From metawiki
(Redirected from Sacred)
Sacred Geometry Evokes Spirituality

Spirituality is defined here as the personal pursuit of one's core beliefs and connections to the universe, and attempts to become more mentally attuned to those beliefs and connections. It is separated fully from belief in the supernatural in order to create a "secular spirituality" that is compatible with science.

It's All In Your Brain

Since the source of all morality, and indeed consciousness itself, is the brain, most "spiritual" pursuits involve attempts to become more in touch with the internal reward systems of our brains.

Buddhism is a spiritual tradition that is almost completely psychological in terms of its practices.

Spiritual tradition is ritualized mental health, whether it is directly acknowledged as it is in Buddhism or indirectly as it is in Judeo-Christian traditions.

Spiritual Best Practices

Modern spirituality borrows rituals and traditions from every culture, as well as the science of psychology, to create a patchwork of religious, cultural, and secular practices that can have widely varying degrees of success.

From this there needs to evolve a more purely evidence-based spiritual tradition that illuminates the intense beauty of the universe with the inspirational language of mysticism. One that taps the power of our ancestors and practices perfected over countless generations, while providing demonstrable value with its refined rituals based on spiritual and psychological best practices.

Secular Spirituality

Spirituality need not imply the supernatural and superstitious. It can be any pursuit of self-knowledge and mental self-improvement practice. An enlightened secular spirituality can find this knowledge in any source, while maintaining a healthy skepticism for spiritual quackery that runs rampant when science and spirit are separate.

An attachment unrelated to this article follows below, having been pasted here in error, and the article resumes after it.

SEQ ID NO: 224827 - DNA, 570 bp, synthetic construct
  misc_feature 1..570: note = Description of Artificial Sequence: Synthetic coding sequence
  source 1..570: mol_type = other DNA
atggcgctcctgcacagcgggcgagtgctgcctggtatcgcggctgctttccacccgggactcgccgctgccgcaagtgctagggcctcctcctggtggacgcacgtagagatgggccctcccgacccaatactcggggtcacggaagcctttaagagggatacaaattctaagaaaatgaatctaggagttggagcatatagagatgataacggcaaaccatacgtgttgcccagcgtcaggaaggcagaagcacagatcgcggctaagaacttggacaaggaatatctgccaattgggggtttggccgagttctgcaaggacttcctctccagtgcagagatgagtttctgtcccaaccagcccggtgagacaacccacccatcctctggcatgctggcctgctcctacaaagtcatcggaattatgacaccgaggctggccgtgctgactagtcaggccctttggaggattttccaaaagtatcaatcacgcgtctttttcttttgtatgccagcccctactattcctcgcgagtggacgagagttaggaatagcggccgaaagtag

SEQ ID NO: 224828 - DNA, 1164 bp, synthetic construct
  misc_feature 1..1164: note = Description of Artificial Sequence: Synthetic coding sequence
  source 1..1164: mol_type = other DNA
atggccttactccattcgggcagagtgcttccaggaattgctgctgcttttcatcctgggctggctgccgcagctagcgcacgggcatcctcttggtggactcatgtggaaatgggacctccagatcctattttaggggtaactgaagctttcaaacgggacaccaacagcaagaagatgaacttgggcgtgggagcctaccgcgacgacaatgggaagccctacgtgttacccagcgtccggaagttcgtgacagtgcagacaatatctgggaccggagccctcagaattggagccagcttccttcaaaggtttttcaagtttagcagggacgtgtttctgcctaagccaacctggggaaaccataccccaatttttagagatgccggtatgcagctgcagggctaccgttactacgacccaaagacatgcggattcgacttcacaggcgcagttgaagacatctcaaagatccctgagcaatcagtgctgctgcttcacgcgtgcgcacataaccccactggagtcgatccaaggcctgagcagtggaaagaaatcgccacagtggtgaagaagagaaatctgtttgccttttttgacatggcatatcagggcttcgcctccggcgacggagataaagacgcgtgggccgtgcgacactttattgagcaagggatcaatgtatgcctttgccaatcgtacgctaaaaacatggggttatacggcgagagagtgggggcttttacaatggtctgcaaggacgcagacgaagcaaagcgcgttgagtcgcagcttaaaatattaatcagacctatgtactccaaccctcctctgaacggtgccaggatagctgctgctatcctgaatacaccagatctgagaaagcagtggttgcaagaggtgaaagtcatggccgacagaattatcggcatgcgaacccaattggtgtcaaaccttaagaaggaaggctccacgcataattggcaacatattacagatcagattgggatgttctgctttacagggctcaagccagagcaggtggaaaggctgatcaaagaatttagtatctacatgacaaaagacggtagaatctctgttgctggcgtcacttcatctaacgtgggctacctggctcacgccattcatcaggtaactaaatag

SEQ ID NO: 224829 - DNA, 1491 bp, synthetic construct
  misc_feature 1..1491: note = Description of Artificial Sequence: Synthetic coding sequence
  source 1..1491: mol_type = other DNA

Seeking to learn the science behind ancient practices like yoga, prayer and meditation is a spiritual pursuit. Understanding exactly how rituals affect our brains and bodies doesn't demystify them or negate the placebo effect that is at the root of many health benefits.

While sometimes science will prove some cherished tradition to be ineffective or even counter-productive, it will back with the weight of evidence those that really help make our lives better and allow them to continue to be a part of our traditions when spiritual literalism has become a distant memory.

Woo Without Woo

The brain's desire for wonder often leads people to the supernatural. This causes secular and scientifically minded people to refer to it derisively as "woo woo". Quantum woo is often use in attempts to add wonder to science by those who are unable to discern pseudoscience from reality.

Is there a way to infuse science with wonder while still working within the limits of materialism?

Fractal Pantheism offers a viable solution. Using fractal geometry and the universe itself as a scientific metaphor for the god concept, the beauty and wonder found in religious art and psychedelic visions throughout history is evoked, along with the infinite complexity of the evolving universe, and the fundamental, self-referential slipperiness of truth described by Gödel.

It uses a metaphor that helps ground spiritual beliefs in scientific reality, instead of supernatural ones that are too easy to take literally.

Fractals give the brain the wonder and "woo" that it craves while working fully within the framework of the laws of physics.

Secular Spirituality Videos

To demonstrate that secular humanists are not just about debunking, here are some videos that discuss secular visions of spirituality.

Daniel Dennett Discusses Secular Spirituality

Sam Harris Mindfulness is Powerful

Spirituality Amid Secularism

The Upbeat Atheist - My Divine

Police Spirits in the Material World